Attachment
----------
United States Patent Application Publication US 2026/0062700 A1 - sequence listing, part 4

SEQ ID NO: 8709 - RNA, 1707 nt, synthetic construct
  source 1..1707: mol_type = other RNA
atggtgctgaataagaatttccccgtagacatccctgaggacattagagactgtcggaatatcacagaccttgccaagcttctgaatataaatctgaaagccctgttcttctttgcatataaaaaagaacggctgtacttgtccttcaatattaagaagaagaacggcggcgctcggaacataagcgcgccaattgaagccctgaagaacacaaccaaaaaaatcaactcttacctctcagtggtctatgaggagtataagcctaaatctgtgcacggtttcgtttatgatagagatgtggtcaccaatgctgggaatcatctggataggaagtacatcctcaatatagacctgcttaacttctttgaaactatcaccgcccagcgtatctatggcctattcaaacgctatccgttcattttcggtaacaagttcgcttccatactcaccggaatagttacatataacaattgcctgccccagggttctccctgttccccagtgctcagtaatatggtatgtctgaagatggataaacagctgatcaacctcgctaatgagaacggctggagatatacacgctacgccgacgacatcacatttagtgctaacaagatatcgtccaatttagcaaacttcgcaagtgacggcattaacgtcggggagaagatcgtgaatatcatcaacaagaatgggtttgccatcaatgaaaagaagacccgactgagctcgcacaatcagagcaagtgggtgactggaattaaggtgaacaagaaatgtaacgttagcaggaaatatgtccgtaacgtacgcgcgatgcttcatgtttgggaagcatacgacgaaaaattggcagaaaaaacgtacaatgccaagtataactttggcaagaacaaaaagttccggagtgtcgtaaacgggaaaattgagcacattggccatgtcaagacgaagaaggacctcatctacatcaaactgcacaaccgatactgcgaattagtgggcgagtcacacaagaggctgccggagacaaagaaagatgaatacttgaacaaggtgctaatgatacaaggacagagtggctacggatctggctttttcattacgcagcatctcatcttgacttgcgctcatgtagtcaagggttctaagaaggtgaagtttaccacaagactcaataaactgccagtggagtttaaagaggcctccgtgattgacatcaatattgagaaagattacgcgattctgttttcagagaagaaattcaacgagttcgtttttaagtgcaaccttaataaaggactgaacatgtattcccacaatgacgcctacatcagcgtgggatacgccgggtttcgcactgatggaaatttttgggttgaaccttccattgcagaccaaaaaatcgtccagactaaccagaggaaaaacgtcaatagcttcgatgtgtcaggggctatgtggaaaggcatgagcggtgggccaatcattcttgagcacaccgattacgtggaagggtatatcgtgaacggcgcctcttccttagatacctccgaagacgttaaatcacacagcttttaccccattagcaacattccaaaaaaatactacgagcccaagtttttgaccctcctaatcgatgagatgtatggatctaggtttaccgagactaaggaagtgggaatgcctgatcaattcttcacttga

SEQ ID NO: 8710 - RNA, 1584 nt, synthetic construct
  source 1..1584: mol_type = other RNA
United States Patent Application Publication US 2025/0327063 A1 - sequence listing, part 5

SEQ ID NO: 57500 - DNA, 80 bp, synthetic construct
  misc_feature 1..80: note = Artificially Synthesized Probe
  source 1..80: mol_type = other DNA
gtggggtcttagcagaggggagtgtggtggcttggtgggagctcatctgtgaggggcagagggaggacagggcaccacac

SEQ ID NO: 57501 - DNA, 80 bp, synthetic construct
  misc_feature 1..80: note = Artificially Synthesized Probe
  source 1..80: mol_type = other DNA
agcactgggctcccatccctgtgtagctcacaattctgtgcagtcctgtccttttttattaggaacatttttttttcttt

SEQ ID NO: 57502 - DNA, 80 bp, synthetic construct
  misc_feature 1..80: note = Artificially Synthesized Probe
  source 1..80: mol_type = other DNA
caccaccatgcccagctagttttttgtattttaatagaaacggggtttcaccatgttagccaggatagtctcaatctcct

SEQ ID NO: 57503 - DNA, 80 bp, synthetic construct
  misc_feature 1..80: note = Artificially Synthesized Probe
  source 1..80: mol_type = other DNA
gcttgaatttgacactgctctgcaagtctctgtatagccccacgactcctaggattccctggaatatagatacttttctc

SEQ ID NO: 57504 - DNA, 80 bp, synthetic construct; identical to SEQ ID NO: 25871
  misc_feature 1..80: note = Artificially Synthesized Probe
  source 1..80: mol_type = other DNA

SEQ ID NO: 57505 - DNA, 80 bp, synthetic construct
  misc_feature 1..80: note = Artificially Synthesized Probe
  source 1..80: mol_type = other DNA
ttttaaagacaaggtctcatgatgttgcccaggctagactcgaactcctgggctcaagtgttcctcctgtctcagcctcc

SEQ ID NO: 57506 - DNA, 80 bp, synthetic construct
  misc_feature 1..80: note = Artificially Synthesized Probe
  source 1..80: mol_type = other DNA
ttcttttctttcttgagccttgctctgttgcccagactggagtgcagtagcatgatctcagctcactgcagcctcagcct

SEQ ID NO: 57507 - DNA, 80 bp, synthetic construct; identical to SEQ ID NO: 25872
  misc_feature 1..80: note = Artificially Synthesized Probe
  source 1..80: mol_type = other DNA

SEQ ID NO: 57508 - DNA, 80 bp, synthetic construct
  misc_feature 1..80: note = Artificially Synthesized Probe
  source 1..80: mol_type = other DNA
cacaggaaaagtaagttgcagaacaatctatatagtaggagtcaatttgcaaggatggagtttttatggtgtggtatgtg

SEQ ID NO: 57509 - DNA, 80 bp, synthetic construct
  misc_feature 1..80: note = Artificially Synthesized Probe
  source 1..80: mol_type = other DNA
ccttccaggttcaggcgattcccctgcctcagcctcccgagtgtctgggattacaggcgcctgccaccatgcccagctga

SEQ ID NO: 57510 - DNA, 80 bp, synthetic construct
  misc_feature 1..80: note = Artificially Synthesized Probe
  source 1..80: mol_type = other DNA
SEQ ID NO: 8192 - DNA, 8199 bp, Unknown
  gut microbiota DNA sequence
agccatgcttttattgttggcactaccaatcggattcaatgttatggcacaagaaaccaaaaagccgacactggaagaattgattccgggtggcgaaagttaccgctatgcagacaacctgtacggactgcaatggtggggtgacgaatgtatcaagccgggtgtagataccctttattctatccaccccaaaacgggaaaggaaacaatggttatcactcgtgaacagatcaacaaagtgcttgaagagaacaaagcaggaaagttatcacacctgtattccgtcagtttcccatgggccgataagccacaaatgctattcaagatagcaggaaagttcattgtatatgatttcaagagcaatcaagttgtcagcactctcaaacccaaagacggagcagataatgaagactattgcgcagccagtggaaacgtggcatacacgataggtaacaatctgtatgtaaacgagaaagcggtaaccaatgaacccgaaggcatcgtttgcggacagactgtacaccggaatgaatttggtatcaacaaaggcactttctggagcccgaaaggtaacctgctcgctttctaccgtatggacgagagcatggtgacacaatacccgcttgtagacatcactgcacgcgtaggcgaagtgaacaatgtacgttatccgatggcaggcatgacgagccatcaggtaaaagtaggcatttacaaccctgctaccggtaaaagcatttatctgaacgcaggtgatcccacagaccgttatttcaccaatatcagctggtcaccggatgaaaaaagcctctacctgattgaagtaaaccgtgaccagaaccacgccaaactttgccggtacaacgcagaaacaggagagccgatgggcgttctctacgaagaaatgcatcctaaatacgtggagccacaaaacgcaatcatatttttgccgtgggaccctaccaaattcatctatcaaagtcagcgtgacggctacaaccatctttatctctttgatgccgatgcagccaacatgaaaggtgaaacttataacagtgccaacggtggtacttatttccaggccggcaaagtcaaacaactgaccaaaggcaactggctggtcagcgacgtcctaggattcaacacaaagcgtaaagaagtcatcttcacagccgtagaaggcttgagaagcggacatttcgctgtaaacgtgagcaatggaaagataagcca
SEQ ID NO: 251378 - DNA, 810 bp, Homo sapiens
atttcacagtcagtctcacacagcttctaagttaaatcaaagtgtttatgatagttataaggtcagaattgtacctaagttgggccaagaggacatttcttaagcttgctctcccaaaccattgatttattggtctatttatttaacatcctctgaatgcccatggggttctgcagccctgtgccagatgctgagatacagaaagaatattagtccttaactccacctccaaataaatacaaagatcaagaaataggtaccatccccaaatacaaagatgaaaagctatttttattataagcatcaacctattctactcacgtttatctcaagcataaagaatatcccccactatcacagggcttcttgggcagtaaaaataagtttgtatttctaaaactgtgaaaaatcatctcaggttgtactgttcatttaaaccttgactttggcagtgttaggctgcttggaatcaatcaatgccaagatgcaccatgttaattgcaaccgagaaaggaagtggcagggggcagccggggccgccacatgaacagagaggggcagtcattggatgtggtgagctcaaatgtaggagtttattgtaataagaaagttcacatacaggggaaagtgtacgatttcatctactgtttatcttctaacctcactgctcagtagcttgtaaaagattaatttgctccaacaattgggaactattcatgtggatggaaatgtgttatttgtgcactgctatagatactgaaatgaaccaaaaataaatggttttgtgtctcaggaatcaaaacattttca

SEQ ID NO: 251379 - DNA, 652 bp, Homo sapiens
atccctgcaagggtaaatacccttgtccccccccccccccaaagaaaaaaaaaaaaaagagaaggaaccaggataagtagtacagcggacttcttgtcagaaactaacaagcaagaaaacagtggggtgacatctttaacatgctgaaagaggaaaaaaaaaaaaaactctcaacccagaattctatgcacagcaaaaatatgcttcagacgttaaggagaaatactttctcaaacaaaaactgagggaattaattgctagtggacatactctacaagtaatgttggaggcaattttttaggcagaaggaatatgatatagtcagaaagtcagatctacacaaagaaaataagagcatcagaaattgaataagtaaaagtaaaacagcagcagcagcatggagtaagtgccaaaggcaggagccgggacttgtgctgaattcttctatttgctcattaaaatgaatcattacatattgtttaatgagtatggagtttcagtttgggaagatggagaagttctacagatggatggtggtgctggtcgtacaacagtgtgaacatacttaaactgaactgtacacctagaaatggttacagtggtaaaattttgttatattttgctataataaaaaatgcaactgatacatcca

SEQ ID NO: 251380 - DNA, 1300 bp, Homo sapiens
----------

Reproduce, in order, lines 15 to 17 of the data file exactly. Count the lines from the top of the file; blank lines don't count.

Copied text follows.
agcactgggctcccatccctgtgtagctcacaattctgtgcagtcctgtccttttttattaggaacatttttttttcttt

SEQ ID NO: 57502 - DNA, 80 bp, synthetic construct
  misc_feature 1..80: note = Artificially Synthesized Probe